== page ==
The health and safety of employees is vital and businesses have a responsibility to ensure their workers are safe from risks in the work place. In 1989 the European Council founded the Personal Protective Equipment (PPE) Directive, which related to occupational safety across Europe, and was implemented into UK law in 1992. PPE is described as “All equipment (including clothing affording protection against the weather) which is intended to be worn or held by a person at work which protects them against one or more risks to their health and safety”. PPE can include equipment such as hard hats, high visibility jackets, goggles, safety footwear, gloves, harnesses, life jackets and respirators etc.
PPE was intended to be used when there are health and safety risks which could not be adequately controlled in other ways. The directive requires PPE to be:
The PPE directive is now over 20 years old and, with changing technologies, processes and laws, it is vital that the format be updated to suit current needs. The directive needs to enhance consumer safety and ensure fair competition between companies as well as bringing it into line with other Directives that have undergone changes in recent years. The most important change in PPE is that the directive will be re-implemented as a regulation. This means the changes will act as a binding legislative act which must be applied in its entirety across the EU, removing the need, or choice, for separate national legislation. The changes to the regulations were adopted in February 2016, published in March 2016 and became Office Journal-listed on the 21st of April 2016. This signals the two year transition period for Member States and Notified Bodies to prepare for the introduction of the new Regulation in 2018. Some of the main changes in PPE include:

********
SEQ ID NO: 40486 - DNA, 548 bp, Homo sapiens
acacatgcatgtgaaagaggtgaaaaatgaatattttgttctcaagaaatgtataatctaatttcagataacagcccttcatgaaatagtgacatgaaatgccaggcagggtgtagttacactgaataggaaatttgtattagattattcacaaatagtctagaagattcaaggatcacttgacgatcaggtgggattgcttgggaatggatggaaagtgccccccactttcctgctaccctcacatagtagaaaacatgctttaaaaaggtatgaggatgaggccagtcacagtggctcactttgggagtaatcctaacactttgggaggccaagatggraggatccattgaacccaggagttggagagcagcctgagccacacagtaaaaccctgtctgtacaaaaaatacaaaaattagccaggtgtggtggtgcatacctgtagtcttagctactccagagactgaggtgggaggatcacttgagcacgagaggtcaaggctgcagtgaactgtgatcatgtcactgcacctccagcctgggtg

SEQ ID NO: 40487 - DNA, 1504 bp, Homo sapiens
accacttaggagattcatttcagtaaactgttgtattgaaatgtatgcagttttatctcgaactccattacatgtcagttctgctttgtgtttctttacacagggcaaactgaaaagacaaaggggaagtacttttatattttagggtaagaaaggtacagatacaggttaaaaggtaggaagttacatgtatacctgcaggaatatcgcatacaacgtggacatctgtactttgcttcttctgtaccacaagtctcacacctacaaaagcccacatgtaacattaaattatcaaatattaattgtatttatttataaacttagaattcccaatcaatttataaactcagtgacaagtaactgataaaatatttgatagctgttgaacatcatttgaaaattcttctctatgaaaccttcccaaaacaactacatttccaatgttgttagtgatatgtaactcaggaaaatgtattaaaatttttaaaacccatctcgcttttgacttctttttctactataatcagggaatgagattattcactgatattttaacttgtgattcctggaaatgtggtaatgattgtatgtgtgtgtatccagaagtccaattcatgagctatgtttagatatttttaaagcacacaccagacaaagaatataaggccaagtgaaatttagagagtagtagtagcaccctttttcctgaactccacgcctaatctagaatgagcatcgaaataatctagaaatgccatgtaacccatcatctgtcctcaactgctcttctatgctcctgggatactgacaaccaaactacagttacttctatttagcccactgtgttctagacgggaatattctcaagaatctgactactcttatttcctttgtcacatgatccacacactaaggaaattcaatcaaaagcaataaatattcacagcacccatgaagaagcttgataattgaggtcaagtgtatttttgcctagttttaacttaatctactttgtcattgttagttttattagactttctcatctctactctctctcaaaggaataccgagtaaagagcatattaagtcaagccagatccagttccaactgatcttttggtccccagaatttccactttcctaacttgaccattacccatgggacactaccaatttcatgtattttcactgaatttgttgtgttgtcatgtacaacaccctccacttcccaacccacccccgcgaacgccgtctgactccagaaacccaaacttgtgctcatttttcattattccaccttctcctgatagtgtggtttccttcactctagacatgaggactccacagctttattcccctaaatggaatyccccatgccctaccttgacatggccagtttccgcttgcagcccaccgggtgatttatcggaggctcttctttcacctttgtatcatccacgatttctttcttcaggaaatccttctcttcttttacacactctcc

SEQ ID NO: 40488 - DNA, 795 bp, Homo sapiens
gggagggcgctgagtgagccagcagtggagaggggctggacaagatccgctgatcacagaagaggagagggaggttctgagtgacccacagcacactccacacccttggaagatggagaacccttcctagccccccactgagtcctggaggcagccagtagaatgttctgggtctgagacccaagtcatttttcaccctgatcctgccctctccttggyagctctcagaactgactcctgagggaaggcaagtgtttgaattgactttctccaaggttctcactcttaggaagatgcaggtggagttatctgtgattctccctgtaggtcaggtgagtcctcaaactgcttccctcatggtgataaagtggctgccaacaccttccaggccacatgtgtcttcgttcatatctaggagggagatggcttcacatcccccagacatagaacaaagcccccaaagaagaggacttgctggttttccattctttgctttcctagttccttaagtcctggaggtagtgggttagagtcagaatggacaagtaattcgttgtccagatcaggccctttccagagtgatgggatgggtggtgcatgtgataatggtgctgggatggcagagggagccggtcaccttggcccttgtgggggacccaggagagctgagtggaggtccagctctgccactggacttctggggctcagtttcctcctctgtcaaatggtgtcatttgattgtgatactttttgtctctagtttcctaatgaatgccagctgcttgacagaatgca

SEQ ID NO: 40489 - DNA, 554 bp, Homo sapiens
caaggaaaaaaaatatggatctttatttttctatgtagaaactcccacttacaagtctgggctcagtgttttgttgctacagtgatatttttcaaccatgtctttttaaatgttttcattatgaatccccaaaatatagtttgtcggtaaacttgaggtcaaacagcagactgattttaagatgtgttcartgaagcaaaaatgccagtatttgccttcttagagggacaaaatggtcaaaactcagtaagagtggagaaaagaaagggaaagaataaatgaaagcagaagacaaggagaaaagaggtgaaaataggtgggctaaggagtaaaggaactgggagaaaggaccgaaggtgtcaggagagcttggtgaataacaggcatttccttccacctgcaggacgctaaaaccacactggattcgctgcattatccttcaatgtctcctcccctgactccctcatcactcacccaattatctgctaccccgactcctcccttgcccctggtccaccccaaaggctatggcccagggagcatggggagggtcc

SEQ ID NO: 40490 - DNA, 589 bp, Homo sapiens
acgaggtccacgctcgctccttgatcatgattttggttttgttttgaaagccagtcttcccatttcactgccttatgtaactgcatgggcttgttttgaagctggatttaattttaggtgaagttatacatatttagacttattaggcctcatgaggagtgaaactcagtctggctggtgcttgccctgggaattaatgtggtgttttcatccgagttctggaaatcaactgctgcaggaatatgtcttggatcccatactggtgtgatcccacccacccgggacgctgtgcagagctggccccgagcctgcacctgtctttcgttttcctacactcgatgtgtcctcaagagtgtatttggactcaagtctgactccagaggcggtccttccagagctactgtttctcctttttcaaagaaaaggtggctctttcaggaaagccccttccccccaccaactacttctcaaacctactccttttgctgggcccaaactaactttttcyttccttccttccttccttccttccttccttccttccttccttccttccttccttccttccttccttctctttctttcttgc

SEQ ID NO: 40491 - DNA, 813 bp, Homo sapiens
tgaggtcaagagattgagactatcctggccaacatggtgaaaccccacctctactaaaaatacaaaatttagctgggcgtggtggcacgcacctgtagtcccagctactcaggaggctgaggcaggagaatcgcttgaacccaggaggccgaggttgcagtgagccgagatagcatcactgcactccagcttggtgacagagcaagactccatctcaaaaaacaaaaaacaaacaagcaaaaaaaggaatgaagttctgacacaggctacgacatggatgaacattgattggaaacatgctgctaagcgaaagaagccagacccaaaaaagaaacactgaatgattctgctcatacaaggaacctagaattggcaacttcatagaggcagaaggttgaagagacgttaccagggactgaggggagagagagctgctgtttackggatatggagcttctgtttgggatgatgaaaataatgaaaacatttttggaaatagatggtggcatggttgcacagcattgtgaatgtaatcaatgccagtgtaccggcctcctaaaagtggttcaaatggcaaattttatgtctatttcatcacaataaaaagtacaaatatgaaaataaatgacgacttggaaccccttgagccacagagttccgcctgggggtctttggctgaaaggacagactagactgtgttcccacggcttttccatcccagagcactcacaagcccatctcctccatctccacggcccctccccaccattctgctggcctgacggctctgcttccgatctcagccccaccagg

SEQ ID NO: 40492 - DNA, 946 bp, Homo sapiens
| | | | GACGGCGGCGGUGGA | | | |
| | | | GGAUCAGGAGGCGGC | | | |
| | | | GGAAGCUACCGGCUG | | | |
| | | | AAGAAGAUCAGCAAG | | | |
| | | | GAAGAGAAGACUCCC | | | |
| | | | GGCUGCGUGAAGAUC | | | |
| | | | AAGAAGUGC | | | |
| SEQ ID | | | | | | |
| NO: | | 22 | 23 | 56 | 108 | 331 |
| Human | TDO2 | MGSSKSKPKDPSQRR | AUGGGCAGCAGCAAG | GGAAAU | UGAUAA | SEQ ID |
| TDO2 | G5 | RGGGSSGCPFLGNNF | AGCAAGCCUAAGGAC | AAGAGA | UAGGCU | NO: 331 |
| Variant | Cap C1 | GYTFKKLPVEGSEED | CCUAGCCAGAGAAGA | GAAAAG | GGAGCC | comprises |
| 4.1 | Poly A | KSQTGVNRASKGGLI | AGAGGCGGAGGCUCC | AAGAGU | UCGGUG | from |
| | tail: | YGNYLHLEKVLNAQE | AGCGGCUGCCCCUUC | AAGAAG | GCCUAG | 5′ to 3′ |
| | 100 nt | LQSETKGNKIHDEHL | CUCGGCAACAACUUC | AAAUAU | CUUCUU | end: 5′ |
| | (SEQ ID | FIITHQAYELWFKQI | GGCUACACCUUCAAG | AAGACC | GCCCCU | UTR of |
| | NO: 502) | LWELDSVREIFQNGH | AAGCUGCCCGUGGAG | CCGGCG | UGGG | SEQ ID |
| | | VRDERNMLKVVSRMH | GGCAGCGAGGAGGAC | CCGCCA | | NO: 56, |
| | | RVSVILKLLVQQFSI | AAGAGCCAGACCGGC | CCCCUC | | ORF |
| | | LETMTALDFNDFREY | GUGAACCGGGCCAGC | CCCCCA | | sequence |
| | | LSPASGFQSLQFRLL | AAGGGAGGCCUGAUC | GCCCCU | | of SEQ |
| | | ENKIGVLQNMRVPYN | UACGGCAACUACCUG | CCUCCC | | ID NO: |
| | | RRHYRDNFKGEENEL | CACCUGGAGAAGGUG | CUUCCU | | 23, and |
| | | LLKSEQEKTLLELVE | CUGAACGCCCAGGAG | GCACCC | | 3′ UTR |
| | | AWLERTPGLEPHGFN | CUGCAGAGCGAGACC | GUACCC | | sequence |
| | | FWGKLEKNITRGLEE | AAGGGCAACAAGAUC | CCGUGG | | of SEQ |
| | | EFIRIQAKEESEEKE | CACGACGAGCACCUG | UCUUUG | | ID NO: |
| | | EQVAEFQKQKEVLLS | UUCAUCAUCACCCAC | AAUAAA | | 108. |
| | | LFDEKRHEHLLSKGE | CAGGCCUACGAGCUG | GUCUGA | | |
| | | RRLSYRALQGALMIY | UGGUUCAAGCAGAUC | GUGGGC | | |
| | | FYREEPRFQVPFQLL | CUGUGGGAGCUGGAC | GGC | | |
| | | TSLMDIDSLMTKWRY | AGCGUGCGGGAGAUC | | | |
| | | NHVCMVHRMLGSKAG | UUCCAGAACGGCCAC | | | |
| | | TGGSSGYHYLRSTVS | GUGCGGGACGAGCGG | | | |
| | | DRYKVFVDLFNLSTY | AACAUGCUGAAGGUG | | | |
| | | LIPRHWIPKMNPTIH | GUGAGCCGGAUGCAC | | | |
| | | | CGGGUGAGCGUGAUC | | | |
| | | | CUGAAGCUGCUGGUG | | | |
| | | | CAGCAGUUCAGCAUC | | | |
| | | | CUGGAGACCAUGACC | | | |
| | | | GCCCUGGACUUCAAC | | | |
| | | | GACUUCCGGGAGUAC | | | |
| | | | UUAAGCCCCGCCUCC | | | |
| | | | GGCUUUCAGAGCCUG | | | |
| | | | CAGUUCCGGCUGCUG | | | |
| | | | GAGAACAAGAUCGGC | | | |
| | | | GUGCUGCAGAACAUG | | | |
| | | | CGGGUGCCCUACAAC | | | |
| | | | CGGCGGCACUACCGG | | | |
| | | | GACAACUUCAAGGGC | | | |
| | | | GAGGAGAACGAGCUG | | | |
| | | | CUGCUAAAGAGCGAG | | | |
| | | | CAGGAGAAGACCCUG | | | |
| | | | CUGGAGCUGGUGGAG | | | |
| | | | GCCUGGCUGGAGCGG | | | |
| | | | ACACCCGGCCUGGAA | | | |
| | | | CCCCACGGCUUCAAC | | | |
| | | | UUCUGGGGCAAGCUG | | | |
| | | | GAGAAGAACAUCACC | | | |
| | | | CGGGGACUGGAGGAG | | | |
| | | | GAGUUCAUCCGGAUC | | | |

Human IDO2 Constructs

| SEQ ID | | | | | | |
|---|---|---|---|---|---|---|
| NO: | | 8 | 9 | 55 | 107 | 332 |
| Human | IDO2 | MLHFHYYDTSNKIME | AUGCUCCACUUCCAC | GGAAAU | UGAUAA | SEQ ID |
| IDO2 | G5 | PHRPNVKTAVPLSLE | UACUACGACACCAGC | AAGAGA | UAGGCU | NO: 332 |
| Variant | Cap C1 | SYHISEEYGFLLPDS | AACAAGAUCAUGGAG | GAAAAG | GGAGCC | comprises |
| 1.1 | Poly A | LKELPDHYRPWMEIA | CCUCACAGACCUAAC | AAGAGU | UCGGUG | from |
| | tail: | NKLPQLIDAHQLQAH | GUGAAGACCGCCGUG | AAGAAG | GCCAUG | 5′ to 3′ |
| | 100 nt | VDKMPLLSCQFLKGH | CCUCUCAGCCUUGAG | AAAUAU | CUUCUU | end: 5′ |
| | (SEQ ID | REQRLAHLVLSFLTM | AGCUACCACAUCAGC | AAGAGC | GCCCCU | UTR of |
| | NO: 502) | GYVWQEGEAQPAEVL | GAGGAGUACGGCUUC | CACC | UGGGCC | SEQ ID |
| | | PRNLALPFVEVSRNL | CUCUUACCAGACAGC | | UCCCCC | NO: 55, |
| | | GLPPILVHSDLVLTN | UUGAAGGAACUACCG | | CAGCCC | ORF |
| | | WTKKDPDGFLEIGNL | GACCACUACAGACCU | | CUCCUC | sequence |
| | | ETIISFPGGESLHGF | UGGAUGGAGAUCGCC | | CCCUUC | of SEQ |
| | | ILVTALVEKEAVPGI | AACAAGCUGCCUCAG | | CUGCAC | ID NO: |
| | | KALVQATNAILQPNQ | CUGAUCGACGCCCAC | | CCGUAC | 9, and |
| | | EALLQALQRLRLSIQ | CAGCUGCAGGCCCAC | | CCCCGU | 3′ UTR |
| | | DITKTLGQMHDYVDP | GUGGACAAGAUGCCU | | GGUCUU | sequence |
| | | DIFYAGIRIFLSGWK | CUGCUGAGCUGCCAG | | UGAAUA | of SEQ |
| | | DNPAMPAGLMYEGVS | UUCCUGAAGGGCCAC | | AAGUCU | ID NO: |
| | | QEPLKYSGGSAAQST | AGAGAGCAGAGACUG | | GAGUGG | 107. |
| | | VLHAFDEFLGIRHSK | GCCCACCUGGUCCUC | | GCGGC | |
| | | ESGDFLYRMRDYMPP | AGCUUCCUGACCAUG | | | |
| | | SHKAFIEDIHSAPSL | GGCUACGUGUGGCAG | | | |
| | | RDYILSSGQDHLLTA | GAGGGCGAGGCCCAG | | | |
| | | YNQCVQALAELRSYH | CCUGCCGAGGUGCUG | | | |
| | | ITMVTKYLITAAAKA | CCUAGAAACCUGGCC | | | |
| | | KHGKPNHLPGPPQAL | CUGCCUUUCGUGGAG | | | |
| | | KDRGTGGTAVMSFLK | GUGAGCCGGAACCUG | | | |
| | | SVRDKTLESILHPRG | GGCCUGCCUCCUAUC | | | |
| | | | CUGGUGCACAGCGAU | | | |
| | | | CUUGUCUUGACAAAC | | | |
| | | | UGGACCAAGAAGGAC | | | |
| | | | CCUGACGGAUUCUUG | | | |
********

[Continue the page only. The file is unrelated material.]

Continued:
Many types of organisations will be affected by the changes in PPE, from manufactures, to distributers, importers and any business which requires PPE in their workplace. Once the regulation transition period beings, all PPE manufacturers need to be aware of what existing certifications they currently hold, when they will expire, any other changes and the impact they will have on their business.
Before placing PPE on the market, importers need to guarantee they are compliant with the new regulations and ensure the correct procedures have been carried out by the manufacturers. Prior to making new PPE available to the market, distributors need to act with due care in relation to the regulations and verify the PPE meets specific standards – such as containing the CE logo and including instructions in the appropriate language.
On top of this, distributors have a responsibility to store, or transport, the PPE in a way which will not jeopardise its capability to serve its purpose. Once all this has been completed, businesses will need to update their PPE with the changes to certify they are acting within the legislation and ensuring its staff is fully equipped for their own safety.